Developing a Paper Using Strategies

After you have discovered and explored your ideas by writing and are satisfied with your content, you can begin organizing your ideas for your reader. The key to well-organized writing is to use a strong thesis statement that suggests a key writing strategy to guide your organization. (You may find it helpful to review the discussion about thesis statements in chapter 2.) We will describe the use of each strategy, the reasoning that guides it, and the details that support it. Any good writing text, such as those listed in appendix A, can give you more details. In this guide, we simply want to acquaint you briefly with this process.

For example, if your assignment calls for you to compare the benefits of one cost-analysis system with another and show how system A is superior to system B, your paper will be organized as a comparison/contrast paper. Your thesis might look like this:

Example of a Comparison/Contrast Thesis

System A is superior to system B in efficiency, in the amount of computational time required, and in ease of understanding, all of which aid training.

A causal analysis assignment might call for you to identify and classify the motives and submotives associated with recidivism among criminal offenders. Your thesis might be:

Example of a Cause-and-Effect Thesis

Recidivism among criminal offenders is caused by five contributing factors: (1) repeated patterns of behavior, (2) lack of institutional training, (3) unstable home conditions, (4) perception that jobs are unavailable, and (5) lack of stringent penalties for repeated crimes.

In this example, the writer might discuss each of the listed causes by defining them, showing their effects, and supporting her opinion with statistics and examples.

This is a good time to review the examples of thesis statements shown in table 2.2 of chapter 2. By realizing that the thinking strategies overlap, you can see for yourself how different thesis statements might yield different thinking and writing strategies. The strategies you use should always be guided by your purpose and your audience. Many of the writing texts listed in appendix A of this guide discuss in greater detail how to develop a paper using a thesis statement.

Your introduction and conclusion frame your writing and give it a sense of connection and resolution. The introduction establishes your idea and purpose, whereas the conclusion affirms your thesis and resolves your thinking process. Acting as a bridge, the middle of the paper expounds and explains your idea and purpose, leading the reader inevitably to the conclusion. For many students, having a clear introduction with its thesis statement and major supporting statements is enough to guide their writing.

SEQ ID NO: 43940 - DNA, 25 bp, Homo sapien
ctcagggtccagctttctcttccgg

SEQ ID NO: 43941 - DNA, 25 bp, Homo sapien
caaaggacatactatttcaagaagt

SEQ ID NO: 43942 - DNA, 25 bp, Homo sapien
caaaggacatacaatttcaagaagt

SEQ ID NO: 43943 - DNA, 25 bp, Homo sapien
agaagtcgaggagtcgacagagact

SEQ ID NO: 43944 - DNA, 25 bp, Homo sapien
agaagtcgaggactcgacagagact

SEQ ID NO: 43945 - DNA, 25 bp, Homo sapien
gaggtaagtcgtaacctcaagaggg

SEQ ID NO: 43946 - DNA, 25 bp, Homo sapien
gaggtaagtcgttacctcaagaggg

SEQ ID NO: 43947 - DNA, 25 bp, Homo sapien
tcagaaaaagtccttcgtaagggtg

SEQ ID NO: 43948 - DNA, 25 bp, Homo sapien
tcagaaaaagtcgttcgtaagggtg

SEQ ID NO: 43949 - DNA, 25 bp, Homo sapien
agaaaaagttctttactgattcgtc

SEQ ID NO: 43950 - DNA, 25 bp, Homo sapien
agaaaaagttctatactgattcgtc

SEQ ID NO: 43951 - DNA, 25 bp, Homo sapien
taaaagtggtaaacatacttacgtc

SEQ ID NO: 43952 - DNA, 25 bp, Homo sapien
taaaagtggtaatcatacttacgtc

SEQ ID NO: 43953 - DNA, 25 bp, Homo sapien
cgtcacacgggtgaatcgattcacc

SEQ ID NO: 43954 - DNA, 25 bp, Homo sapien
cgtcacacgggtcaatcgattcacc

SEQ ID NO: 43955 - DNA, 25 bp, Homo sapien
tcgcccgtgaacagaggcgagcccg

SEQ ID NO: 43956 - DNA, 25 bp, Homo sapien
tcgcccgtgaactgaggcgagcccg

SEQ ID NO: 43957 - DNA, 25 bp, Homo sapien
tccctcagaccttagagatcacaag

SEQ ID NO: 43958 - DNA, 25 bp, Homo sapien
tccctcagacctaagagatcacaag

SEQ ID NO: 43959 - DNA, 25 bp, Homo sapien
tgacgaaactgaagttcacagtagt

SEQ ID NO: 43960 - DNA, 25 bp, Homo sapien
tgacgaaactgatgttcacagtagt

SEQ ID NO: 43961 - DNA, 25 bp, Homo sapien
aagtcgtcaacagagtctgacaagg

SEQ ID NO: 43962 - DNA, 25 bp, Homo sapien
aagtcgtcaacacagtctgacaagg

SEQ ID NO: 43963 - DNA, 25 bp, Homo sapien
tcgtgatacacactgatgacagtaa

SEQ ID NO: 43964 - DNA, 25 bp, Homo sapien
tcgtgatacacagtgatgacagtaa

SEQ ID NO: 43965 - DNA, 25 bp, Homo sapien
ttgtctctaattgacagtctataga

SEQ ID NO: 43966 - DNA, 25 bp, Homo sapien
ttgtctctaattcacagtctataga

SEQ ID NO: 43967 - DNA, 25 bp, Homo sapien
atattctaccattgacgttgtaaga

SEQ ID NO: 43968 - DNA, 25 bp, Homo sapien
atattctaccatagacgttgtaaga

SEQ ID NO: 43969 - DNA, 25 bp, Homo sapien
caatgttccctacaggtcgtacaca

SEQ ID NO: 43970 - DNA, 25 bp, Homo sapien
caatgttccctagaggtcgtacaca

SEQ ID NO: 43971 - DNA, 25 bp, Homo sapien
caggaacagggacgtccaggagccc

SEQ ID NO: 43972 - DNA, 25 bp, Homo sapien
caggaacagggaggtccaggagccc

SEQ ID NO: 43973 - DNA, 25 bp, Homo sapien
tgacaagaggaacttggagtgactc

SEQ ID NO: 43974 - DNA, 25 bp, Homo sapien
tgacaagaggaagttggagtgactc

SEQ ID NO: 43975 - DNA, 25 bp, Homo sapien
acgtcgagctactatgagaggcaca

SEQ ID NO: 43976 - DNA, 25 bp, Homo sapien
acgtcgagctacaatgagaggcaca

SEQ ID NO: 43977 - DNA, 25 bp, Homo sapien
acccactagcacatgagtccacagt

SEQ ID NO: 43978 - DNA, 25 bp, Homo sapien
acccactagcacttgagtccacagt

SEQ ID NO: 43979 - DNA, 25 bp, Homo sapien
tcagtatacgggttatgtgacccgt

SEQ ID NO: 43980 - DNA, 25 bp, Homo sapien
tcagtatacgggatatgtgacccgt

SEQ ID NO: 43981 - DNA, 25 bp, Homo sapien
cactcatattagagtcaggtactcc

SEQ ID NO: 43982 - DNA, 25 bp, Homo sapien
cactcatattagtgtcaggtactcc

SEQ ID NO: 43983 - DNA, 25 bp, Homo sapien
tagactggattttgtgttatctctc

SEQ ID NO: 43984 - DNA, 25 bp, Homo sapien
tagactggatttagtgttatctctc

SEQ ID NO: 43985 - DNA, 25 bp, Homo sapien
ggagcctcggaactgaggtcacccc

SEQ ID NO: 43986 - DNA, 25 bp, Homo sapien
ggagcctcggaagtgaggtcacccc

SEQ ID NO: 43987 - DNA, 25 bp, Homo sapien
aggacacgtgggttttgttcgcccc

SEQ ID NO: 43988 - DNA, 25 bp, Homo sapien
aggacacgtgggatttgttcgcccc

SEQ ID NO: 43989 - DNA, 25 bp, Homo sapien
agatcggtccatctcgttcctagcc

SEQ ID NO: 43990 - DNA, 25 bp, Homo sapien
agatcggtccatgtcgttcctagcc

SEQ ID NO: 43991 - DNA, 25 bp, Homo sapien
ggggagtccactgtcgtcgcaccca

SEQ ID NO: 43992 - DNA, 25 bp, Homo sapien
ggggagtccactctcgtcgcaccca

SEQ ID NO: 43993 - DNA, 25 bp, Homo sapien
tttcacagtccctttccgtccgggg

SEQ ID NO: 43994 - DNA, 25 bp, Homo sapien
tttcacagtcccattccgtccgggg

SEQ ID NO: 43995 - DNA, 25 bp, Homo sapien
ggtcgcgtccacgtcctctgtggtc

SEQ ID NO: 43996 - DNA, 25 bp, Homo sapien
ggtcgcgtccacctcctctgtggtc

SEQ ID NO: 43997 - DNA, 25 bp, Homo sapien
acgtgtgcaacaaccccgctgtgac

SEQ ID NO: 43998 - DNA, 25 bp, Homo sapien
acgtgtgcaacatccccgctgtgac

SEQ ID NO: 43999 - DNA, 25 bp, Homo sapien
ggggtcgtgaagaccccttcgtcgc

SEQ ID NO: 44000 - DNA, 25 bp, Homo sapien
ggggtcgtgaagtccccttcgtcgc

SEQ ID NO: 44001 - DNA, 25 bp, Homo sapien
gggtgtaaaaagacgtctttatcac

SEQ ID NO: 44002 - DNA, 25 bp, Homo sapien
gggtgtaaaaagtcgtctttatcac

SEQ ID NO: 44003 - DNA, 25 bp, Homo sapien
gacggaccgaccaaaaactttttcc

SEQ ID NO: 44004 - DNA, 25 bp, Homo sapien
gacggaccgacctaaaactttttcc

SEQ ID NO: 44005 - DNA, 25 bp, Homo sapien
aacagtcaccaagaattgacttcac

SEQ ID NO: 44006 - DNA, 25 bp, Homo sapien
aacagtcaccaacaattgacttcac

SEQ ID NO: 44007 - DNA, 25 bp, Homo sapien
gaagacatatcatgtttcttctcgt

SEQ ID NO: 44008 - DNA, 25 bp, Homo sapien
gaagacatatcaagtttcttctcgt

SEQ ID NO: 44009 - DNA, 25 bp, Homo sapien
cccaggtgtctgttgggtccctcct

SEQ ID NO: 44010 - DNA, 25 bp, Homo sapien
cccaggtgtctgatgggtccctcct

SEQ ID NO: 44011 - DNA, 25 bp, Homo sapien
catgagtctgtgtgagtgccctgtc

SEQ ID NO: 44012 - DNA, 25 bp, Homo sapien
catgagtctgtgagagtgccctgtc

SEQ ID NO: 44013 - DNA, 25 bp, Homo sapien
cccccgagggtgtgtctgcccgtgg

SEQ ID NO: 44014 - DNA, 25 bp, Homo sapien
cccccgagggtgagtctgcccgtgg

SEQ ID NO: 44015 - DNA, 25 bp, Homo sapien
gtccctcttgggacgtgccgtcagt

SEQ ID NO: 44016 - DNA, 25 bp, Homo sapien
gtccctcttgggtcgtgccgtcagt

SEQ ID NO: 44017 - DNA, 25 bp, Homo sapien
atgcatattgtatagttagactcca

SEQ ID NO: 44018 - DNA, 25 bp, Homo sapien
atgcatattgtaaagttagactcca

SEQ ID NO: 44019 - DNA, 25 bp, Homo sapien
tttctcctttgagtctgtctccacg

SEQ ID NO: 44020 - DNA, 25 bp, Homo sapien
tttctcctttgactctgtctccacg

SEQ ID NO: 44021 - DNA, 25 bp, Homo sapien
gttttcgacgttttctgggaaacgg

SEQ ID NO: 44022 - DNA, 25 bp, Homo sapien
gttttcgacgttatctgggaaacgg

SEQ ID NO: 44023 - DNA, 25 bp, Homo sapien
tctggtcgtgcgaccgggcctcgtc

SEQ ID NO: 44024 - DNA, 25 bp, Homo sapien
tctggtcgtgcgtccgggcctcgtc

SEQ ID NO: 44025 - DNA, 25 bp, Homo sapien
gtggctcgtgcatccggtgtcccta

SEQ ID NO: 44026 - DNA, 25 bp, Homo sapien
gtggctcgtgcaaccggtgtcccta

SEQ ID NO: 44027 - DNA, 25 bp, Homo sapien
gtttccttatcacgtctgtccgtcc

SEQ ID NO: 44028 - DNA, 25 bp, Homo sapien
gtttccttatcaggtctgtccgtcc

With a clear thesis statement to guide you, you can write your introduction, which is one of the key sections of your assignment. Your introduction (1) sets the stage, telling your reader what your thesis is and often what your major supporting statements will be, and (2) suggests the strategy for your writing. Here is an example of an introduction, written from a thesis statement from table 2.2, that does just this.

Example of an Analysis-and-Definition Thesis with Introduction

Thesis statement: Reader-centered writing techniques will make your writing clear, effective, and engaging.

Major supporting statements: Reader-centered writing speaks directly to the reader in a language and style that give him the best chance of hearing the message. Reader-centered writing is clearly organized, with its main ideas easy to find and coherent. Each section moves smoothly to the next. Reader-centered writing uses active voice and strong verbs whose action keeps the reader moving. Finally, reader-centered writing respects the reader, involving her in the content.

The remaining parts of the assignment will explain the thesis, define the listed techniques, give examples of them, and show how using them will make your writing clear, effective, and engaging.

Sometimes, just knowing that paragraphs consist of a topic sentence with its controlling idea, details, reasons, and illustrations is enough to get a student writing.

Example of a Paragraph Using a Topic Sentence, Details, Reasons, and Illustration

Topic sentence with controlling idea: Reader-centered writing is not authoritarian or dictatorial.

Reason: It reflects acceptance of the reader's free will and dignity.

Detail: For the reader-centered author, writing becomes a way to transfer information while serving the reader's needs.

Reason: It is not a “dumbing down,” but an honest, straightforward way to present complex ideas and requests in a simple and painless way.

Detail with reason: Writing this way often takes more effort than conventional writing because it emphasizes service and the building of relationships.

Illustration: Using you to address your readers makes them the center of the message and tells them that the message is for them, thus eliminating the distance between writer and reader.

Here is a possible conclusion for this hypothetical assignment:

Example of a Conclusion

Reader-centered writing techniques build communication relationships between the writer and the reader. They bridge the gap between business and customer and ensure that your message clearly and effectively serves the customer.

This conclusion actually synthesizes the discussion of specific writing techniques with their results—building effective communication relationships.

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